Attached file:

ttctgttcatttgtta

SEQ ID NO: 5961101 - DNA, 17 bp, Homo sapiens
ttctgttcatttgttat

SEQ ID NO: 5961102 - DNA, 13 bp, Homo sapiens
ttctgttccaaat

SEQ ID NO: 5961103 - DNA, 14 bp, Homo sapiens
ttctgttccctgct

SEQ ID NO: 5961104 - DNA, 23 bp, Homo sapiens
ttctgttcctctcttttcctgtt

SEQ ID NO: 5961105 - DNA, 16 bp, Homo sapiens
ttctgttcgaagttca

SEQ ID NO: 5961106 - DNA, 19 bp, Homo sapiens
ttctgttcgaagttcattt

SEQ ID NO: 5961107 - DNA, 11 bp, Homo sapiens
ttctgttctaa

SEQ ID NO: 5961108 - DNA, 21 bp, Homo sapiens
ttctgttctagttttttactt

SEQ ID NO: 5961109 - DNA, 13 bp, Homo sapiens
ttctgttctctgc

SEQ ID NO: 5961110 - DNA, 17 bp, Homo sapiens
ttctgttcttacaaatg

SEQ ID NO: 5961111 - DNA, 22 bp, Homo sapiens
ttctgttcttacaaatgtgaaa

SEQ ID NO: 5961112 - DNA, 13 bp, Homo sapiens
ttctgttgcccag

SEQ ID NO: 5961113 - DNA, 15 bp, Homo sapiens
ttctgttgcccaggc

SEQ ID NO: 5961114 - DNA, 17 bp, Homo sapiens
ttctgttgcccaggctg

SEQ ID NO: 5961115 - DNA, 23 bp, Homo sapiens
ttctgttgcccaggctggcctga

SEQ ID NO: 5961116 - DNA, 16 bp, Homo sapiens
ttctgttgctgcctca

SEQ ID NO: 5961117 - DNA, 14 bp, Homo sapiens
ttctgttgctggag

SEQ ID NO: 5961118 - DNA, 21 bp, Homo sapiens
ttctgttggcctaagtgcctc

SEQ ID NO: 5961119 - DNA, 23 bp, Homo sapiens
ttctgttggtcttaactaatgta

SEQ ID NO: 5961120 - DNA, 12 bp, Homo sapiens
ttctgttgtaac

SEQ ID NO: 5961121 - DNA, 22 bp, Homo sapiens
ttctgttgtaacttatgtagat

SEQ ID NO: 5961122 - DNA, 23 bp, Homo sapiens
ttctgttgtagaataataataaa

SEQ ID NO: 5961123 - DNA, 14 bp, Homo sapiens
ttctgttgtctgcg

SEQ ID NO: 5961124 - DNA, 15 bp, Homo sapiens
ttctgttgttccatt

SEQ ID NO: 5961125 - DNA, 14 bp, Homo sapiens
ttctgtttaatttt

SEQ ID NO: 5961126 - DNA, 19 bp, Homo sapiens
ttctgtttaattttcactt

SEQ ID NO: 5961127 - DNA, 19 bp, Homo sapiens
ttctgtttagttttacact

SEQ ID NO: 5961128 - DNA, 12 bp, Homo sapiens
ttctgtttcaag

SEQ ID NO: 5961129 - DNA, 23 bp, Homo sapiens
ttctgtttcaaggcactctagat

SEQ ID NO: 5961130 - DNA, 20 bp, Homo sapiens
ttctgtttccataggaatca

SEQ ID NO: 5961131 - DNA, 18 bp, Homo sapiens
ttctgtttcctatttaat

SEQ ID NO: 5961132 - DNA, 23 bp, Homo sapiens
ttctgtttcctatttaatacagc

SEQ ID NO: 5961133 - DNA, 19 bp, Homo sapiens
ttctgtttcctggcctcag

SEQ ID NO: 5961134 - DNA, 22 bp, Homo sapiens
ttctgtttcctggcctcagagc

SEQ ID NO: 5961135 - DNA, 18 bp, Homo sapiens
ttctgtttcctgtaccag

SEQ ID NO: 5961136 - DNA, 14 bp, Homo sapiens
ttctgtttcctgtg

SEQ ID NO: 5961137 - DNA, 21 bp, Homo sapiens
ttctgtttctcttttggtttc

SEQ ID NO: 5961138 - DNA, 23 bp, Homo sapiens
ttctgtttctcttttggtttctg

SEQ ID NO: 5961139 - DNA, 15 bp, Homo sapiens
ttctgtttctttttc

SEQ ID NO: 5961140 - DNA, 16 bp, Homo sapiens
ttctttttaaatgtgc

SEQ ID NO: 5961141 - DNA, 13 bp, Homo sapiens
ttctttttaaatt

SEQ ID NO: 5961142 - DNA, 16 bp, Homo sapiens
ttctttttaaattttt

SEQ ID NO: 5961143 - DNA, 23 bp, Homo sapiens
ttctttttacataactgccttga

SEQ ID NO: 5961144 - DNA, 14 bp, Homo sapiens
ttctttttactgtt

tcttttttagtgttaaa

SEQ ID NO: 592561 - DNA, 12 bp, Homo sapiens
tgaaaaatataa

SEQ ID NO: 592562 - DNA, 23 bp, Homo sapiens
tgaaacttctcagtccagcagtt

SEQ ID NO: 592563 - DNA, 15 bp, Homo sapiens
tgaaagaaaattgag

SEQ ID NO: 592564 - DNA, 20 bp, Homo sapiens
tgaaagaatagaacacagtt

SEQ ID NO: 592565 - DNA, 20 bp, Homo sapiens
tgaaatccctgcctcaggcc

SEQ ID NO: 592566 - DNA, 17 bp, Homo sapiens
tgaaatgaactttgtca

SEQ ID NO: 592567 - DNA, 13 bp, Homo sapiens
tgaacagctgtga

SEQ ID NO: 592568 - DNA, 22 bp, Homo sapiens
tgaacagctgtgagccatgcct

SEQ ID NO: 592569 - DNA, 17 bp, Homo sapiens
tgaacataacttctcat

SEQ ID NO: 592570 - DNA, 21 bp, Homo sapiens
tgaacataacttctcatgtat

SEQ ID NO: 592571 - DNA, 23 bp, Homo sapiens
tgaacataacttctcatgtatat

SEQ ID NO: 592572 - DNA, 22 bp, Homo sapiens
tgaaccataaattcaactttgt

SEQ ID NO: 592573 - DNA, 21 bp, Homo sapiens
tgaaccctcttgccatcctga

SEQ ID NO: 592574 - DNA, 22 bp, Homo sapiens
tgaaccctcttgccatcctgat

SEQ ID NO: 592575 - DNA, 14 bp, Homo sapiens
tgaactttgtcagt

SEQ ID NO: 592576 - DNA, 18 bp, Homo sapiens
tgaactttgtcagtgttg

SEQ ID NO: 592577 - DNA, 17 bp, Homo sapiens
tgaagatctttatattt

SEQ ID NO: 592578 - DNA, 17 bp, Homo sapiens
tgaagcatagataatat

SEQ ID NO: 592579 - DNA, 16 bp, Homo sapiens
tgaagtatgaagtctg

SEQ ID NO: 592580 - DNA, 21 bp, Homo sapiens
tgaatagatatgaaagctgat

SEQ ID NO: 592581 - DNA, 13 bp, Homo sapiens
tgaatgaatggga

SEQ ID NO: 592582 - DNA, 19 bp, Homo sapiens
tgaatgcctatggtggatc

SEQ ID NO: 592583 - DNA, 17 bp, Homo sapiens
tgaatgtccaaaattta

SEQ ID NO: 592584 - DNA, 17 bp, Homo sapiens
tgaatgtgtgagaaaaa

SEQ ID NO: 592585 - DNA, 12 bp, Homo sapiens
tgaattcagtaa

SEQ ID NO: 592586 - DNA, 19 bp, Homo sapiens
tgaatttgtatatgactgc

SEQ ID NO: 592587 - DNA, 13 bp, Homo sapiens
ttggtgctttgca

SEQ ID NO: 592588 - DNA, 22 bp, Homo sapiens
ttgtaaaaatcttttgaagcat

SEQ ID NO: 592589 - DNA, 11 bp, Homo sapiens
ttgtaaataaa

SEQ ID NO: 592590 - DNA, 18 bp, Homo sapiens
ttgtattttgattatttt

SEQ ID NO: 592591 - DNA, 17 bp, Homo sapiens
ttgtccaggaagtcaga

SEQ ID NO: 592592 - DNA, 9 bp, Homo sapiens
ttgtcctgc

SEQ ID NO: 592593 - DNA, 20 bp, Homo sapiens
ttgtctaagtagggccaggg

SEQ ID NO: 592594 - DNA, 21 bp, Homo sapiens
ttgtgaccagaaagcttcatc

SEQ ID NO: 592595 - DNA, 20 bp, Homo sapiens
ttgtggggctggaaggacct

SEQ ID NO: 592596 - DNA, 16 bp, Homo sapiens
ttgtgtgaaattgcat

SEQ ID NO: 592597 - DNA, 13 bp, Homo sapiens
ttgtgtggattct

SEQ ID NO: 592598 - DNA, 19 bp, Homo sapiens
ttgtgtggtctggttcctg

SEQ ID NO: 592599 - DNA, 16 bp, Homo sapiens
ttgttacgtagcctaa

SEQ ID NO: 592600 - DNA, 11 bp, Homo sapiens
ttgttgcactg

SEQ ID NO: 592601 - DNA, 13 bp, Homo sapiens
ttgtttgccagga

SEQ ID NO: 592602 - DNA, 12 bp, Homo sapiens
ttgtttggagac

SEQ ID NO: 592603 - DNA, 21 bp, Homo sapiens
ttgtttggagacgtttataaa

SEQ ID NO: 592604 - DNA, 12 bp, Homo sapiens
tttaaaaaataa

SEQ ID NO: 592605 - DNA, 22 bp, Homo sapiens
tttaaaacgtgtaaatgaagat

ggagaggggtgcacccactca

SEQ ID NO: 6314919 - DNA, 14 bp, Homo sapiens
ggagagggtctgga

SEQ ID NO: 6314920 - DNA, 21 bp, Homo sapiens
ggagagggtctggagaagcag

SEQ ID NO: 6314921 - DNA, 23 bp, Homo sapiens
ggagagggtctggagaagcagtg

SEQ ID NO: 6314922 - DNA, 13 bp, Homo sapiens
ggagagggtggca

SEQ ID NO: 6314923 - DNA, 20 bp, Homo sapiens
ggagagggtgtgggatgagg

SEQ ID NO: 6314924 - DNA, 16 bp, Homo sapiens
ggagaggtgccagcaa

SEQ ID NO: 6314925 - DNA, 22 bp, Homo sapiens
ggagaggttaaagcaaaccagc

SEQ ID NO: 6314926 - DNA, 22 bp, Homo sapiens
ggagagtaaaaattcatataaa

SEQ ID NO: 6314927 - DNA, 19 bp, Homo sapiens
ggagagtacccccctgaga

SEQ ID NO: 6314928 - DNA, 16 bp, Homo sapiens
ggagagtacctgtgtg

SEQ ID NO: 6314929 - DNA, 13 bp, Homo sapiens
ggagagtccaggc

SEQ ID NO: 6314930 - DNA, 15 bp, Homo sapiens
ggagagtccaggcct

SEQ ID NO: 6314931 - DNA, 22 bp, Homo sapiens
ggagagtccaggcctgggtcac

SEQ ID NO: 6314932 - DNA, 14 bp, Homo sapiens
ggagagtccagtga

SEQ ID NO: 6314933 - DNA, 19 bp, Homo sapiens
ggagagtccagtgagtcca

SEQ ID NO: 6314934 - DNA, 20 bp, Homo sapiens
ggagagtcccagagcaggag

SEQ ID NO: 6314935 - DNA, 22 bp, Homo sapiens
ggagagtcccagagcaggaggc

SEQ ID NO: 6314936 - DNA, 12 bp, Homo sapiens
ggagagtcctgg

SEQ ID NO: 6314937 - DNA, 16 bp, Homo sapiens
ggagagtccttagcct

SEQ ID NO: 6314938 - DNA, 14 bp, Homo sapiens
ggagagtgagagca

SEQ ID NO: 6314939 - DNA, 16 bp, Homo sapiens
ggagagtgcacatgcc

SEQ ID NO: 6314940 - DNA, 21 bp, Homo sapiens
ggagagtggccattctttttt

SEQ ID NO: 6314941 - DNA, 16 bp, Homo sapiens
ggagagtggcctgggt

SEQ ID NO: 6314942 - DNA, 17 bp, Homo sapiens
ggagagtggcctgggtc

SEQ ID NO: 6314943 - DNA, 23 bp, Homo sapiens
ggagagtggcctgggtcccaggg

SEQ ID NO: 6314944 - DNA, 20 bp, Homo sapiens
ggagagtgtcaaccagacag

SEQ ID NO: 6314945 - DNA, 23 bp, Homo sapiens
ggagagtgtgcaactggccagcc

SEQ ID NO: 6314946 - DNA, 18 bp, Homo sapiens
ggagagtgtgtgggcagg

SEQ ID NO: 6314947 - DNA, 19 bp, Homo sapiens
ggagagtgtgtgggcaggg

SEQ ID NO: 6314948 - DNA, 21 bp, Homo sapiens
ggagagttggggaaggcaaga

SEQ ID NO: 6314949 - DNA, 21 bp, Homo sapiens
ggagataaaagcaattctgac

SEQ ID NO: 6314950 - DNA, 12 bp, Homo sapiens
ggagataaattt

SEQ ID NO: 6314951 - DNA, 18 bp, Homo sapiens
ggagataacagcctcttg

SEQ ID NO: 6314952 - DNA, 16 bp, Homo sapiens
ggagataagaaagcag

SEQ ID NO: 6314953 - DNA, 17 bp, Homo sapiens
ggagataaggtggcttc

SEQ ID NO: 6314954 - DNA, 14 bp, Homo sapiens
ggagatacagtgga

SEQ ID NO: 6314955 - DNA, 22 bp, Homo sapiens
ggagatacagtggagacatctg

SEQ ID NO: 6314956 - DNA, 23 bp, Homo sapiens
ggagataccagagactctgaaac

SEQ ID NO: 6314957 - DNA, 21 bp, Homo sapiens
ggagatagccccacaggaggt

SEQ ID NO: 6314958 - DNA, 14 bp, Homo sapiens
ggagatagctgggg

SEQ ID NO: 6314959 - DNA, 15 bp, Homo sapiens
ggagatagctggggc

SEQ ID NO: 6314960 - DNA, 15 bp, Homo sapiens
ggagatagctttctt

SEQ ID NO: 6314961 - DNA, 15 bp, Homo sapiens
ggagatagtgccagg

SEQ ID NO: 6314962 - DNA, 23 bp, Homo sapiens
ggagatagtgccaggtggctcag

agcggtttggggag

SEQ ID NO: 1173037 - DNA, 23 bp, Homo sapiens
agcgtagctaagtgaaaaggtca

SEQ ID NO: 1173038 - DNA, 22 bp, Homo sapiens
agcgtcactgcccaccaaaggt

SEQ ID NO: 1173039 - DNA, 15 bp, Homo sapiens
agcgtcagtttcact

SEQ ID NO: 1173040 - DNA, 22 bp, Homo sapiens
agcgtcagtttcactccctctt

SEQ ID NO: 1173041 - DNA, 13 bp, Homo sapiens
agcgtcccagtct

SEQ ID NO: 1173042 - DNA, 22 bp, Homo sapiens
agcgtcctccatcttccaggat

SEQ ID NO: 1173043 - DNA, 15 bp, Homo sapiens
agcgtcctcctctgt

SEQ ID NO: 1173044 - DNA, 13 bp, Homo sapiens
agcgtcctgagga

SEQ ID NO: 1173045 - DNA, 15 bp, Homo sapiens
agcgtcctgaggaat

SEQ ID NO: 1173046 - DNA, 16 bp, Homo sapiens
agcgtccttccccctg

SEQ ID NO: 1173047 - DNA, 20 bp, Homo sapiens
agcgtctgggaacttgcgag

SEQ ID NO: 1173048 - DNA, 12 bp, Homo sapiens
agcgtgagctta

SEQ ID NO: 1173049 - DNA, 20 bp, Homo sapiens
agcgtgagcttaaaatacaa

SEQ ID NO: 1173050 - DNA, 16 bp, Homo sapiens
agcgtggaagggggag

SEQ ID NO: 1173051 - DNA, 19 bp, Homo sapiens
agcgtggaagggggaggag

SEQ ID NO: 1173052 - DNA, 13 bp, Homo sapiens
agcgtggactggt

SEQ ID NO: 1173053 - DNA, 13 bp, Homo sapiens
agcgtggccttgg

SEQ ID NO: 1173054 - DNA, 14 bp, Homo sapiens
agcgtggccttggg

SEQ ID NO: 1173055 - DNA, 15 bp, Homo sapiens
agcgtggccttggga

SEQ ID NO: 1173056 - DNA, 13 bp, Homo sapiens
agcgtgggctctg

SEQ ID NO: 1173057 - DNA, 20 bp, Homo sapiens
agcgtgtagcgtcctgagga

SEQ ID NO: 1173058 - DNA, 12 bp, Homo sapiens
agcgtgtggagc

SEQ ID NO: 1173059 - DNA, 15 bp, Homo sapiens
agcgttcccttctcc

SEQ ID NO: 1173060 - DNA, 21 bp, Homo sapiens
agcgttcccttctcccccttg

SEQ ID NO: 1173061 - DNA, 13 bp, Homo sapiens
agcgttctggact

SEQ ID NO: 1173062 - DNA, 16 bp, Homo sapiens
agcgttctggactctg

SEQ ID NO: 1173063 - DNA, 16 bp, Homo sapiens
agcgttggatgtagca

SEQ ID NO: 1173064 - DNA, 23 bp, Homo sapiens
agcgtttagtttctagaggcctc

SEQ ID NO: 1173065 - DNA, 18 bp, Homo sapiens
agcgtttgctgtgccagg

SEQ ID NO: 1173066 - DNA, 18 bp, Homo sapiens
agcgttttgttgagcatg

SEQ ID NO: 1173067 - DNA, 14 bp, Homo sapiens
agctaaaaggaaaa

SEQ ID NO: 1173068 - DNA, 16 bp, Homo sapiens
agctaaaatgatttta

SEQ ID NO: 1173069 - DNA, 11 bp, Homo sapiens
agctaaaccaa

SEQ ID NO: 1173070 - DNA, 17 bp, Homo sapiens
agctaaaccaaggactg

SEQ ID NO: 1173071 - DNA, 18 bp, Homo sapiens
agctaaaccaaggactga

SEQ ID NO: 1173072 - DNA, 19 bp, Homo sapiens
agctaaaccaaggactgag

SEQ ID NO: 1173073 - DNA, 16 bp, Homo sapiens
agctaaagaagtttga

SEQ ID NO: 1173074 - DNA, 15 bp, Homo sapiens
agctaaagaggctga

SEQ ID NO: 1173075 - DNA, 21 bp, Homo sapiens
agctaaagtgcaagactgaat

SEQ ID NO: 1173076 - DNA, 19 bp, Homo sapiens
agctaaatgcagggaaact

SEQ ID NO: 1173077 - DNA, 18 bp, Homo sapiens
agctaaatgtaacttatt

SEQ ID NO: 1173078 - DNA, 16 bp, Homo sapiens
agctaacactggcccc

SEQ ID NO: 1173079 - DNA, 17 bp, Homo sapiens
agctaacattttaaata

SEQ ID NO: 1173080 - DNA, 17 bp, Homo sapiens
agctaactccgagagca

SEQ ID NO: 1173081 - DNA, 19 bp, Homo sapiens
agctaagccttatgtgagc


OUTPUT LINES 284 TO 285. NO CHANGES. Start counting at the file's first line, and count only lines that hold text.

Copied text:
agcgtcctcctctgt

SEQ ID NO: 1173044 - DNA, 13 bp, Homo sapiens